Texas Historical Commission
Raba Kistner, Inc. (RKI), was contracted by the Fort Bend Independent School District (FBISD) (CLIENT) to conduct archaeological investigations for approximately 7.31-acres located near Arcola, Fort Bend County, Texas, that is proposed to be developed with a high school campus (Figure 1-1). In April 2019, RKI conducted an intensive pedestrian survey with shovel testing of approximately 80-acres immediately east, north, and south of the current 7.31-acre project area (Matthews and Ward 2019). The survey was conducted under Texas Antiquities Committee (TAC) Permit Number 8847 in advance of construction of the FBISD High School Campus #12 (Matthews and Ward 2019). After the completion of the 2019 investigations, the original location of the campus was revised and shifted north, south, and west, extending into 7.31-acres that was not previously surveyed (Figure 1-2). New investigations of the new 7.31-acres were undertaken to accommodate the shift in location of proposed FBISD Campus #12; the results of this survey are detailed in this report. The 7.31-acre survey was conducted under TAC Permit Number 9359. The project took place on lands to be owned and controlled by the CLIENT, an entity of the State of Texas. As such, the project fell under the jurisdiction of the Antiquities Code of Texas (ACT) (Texas Natural Resource Code, Title 9, Chapter 191), which is administered by the Texas Historical Commission (THC).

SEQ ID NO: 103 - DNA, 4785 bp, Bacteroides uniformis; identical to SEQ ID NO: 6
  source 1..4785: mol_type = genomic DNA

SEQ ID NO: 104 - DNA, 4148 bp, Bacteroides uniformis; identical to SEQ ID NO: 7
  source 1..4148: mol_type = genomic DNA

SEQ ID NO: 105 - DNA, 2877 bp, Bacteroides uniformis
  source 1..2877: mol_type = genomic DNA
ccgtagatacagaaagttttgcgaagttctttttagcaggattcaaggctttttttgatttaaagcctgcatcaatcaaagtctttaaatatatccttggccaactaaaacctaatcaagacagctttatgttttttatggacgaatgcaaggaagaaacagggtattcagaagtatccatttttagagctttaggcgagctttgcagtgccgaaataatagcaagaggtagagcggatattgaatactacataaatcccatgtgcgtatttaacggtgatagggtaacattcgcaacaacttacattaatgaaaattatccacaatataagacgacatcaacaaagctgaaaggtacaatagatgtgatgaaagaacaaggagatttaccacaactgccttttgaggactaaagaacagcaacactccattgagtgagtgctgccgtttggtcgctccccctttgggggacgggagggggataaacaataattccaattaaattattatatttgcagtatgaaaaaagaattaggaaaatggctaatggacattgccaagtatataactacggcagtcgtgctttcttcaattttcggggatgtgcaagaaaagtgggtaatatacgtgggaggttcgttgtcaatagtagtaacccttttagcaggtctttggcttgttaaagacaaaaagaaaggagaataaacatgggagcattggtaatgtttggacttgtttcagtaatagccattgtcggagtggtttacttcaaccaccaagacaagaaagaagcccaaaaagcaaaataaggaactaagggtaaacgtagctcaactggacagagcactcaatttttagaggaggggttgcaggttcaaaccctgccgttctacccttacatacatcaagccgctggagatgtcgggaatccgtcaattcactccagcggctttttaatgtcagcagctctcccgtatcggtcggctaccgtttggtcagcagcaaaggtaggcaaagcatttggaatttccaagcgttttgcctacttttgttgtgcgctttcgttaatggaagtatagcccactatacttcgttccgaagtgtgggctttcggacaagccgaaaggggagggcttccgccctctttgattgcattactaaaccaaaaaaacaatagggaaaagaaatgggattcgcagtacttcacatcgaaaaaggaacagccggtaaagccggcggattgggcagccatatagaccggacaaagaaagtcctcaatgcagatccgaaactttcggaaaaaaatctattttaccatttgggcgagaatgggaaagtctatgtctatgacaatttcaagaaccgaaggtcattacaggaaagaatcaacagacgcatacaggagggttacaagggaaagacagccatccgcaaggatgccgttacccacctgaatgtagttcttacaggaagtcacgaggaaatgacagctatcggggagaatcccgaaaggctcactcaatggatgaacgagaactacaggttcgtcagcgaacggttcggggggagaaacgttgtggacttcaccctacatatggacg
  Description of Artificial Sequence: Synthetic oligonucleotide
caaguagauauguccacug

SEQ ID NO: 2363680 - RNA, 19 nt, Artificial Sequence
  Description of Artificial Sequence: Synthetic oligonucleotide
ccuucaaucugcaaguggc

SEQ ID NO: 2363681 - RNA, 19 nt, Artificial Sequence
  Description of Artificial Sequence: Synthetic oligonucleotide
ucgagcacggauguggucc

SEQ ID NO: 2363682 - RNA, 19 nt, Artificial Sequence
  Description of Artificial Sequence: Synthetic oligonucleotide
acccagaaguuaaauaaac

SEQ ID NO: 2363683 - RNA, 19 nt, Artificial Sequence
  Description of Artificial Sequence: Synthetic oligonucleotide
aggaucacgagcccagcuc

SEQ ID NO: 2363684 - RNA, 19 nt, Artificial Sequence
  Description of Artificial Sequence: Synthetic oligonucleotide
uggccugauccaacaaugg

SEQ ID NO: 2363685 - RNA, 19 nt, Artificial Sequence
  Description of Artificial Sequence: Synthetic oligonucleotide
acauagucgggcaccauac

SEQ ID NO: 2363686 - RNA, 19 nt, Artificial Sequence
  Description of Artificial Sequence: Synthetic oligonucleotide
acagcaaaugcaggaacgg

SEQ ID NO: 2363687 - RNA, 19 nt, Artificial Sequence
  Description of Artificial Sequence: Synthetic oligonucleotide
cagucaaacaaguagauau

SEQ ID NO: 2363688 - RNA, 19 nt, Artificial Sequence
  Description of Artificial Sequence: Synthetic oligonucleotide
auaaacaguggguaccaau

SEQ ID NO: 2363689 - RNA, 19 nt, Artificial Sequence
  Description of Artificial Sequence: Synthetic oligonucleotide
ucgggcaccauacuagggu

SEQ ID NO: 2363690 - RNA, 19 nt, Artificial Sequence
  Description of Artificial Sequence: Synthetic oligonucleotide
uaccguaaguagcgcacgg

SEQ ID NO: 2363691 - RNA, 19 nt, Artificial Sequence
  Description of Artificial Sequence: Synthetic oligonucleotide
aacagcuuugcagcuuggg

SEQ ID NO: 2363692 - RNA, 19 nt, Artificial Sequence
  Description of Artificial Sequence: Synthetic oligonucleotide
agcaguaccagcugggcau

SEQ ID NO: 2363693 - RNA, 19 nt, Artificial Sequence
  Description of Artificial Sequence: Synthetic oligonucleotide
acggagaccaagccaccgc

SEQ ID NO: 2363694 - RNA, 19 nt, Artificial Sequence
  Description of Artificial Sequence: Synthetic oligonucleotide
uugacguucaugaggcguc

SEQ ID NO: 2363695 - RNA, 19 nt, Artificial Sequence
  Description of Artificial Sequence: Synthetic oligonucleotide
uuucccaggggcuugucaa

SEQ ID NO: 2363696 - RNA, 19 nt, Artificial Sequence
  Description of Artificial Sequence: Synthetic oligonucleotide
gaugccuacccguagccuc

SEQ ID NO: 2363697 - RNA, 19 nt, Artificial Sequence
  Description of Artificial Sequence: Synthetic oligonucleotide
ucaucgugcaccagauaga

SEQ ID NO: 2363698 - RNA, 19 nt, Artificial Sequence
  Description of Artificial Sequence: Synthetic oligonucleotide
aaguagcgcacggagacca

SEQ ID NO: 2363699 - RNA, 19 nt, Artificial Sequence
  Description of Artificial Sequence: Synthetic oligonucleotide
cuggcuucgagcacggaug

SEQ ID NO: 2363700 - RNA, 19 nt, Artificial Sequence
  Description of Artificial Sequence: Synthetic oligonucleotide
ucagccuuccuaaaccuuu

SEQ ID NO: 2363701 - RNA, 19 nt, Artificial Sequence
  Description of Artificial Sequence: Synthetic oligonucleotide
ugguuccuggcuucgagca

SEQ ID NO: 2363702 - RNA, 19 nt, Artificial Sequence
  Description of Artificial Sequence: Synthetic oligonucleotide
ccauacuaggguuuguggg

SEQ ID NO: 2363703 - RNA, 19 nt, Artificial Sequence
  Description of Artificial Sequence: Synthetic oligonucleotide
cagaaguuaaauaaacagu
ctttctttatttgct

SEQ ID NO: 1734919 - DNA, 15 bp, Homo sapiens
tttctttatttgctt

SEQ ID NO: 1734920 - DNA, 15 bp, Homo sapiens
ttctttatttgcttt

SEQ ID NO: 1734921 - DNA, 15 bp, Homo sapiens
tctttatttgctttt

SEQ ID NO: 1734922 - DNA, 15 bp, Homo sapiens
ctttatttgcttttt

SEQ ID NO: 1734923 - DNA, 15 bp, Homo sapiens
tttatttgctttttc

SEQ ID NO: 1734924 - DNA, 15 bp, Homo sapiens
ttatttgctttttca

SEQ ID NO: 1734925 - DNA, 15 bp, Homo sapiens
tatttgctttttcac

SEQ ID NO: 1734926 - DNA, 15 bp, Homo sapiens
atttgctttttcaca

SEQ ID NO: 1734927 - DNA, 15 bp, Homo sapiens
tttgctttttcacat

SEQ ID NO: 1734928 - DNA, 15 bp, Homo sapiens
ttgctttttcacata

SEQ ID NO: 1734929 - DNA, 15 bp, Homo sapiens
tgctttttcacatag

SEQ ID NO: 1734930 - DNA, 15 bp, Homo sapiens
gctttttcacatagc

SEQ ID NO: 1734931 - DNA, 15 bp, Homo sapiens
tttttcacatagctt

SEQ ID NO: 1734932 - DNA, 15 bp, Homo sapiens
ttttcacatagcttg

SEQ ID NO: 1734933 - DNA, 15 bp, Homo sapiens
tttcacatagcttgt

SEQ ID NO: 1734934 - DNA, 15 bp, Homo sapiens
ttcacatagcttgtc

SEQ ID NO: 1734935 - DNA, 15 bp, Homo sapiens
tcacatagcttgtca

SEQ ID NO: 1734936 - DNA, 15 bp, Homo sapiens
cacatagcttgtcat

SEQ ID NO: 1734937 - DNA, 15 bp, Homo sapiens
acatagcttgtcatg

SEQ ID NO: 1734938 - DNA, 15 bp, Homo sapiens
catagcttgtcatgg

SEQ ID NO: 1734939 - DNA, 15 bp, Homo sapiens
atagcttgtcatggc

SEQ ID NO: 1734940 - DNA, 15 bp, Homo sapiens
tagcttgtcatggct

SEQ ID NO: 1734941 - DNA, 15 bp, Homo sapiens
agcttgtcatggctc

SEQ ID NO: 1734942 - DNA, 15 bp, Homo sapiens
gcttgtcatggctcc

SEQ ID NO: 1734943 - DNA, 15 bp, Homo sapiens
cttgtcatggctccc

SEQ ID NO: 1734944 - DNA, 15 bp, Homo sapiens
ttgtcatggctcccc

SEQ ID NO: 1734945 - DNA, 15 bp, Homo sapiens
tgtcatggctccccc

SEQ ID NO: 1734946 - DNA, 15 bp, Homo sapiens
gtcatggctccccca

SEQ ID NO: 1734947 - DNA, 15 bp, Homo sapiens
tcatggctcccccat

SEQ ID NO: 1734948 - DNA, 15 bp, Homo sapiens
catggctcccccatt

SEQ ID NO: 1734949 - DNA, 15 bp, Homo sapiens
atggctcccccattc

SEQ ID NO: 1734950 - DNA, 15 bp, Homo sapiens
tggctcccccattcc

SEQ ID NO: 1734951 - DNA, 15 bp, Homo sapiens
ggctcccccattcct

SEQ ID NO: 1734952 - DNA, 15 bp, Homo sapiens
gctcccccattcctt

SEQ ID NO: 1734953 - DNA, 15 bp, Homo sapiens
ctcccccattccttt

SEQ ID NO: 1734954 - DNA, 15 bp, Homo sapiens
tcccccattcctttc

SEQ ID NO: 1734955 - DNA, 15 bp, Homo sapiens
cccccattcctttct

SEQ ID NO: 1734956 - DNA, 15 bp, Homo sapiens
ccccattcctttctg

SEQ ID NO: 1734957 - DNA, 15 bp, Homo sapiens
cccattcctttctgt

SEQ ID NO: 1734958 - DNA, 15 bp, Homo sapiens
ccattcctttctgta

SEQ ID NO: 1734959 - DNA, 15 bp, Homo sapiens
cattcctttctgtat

The investigations included a background review and a pedestrian survey augmented by shovel testing. The background review revealed that no archaeological sites had been previously recorded within the Area of Potential Effects (APE). RKI conducted an intensive pedestrian survey with shovel testing in an effort to locate cultural deposits. A total of sixteen shovel tests were attempted within the approximately 7.31-acre APE, one of which could not be completed due to dense vegetation and water covering the ground surface. All shovel tests were negative for cultural materials. Disturbances were observed throughout the APE, predominately from the construction of irrigation/drainage canals, roads, and agricultural practice.
RKI has made a good faith effort to identify cultural resources within the APE. No significant deposits or features were identified during the intensive pedestrian survey. As a result, RKI does not recommend further archaeological investigations within the APE. However, should changes be made to the project APE, further work may be required. All field records and photographs produced during investigations will be permanently house at the Center for Archaeological Research at the University of Texas at San Antonio.
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